The Pennsylvania Commonwealth Court has decided two companion cases regarding payments to a hospice by the state Medicaid (Medical Assistance) program. In both cases the state Medicaid agency (DPW) was requesting reimbursement for payments it made for care provided to patients (TL) and (RH) who lived much longer than 6 months.
The Pennsylvania Medicaid regulations incorporate the Medicare hospice requirement of certification that the patient’s prognosis is for a life expectancy of 6 months or less if the terminal illness runs its normal course. (See 42 C.F.R. §418.22).
In the TL case the Court upheld an Administrative Law Judge (ALJ) decision to order the hospice to reimburse DPW. Reimbursement was due because the patient had not shown a “decline toward death” which DPW requires for payment. (Unfortunately for the hospice it had failed to raise the issue of the appropriateness of the “decline” standard DPW was applying).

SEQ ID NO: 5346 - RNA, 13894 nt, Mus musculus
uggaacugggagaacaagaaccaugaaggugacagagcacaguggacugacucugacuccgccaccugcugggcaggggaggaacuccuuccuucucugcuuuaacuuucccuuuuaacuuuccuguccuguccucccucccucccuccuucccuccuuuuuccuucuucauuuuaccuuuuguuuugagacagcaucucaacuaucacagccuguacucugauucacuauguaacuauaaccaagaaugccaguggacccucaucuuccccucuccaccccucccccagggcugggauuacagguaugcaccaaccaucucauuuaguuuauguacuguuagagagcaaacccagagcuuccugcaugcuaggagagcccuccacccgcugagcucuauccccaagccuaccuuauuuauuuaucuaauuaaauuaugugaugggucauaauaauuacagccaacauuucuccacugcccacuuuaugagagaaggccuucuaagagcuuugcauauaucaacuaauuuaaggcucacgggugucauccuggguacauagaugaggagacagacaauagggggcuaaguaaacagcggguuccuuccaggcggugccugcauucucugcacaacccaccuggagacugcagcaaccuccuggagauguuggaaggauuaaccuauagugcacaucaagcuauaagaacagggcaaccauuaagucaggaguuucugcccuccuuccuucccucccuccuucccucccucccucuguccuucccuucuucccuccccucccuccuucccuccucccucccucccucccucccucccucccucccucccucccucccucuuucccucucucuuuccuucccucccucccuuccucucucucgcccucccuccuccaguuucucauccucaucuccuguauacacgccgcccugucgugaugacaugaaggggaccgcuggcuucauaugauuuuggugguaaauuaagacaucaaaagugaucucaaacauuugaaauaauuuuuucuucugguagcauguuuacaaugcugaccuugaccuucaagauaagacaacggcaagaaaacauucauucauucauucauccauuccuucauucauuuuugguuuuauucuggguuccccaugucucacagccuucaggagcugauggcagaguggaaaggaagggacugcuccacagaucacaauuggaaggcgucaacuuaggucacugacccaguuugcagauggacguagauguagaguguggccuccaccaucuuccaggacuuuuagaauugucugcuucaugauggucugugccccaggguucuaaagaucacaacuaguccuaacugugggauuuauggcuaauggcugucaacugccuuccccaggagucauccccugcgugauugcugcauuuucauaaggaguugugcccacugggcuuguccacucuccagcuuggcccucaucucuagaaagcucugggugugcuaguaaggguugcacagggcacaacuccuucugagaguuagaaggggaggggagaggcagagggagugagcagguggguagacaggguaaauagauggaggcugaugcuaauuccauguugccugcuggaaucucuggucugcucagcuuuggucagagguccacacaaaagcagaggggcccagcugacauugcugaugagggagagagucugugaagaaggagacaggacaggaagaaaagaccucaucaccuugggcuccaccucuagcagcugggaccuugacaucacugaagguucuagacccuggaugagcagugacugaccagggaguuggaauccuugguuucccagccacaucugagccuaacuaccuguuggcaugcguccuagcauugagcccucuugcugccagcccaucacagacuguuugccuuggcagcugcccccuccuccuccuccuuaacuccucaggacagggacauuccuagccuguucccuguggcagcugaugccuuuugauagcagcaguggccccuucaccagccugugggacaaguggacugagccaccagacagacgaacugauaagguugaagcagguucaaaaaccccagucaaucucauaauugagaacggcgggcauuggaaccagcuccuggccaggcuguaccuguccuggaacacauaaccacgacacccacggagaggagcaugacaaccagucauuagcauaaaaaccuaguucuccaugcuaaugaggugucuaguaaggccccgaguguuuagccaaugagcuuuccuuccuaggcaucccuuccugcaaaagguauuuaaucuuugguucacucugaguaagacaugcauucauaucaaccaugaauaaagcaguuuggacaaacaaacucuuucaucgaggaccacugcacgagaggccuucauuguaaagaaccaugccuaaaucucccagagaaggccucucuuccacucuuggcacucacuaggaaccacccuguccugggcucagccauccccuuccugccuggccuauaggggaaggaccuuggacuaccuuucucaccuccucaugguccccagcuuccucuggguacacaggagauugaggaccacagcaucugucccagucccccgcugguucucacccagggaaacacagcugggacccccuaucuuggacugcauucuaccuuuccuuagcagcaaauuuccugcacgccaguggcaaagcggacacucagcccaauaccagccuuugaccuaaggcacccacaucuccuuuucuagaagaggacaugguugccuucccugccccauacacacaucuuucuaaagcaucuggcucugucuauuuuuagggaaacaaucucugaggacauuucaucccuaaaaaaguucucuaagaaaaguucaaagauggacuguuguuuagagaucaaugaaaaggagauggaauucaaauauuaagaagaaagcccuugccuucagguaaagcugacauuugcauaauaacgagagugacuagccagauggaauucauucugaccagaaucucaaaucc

The Court’s opinion in TL includes the following statement: “substantial compliance with Medical Assistance regulations is not sufficient, but rather ‘[s]trict compliance with regulations is required where disbursement of public funds is at issue . . . . Men must turn square corners when they deal with the Government.’”
I expect we all have had the experience of being forced to “turn square corners” when dealing with the Government.
In the RH case the court overturned the ALJ ruling that the hospice must reimburse DPW. In RH the basis for the DPW claim was that the hospice did not review the patient’s medical records. But the court noted that DPW regulations did not require the hospice to review the patient’s medical records.
Here are links to the Court’s opinions in the two cases:
Grane Hospital TL case:
Grane Hospital RH case: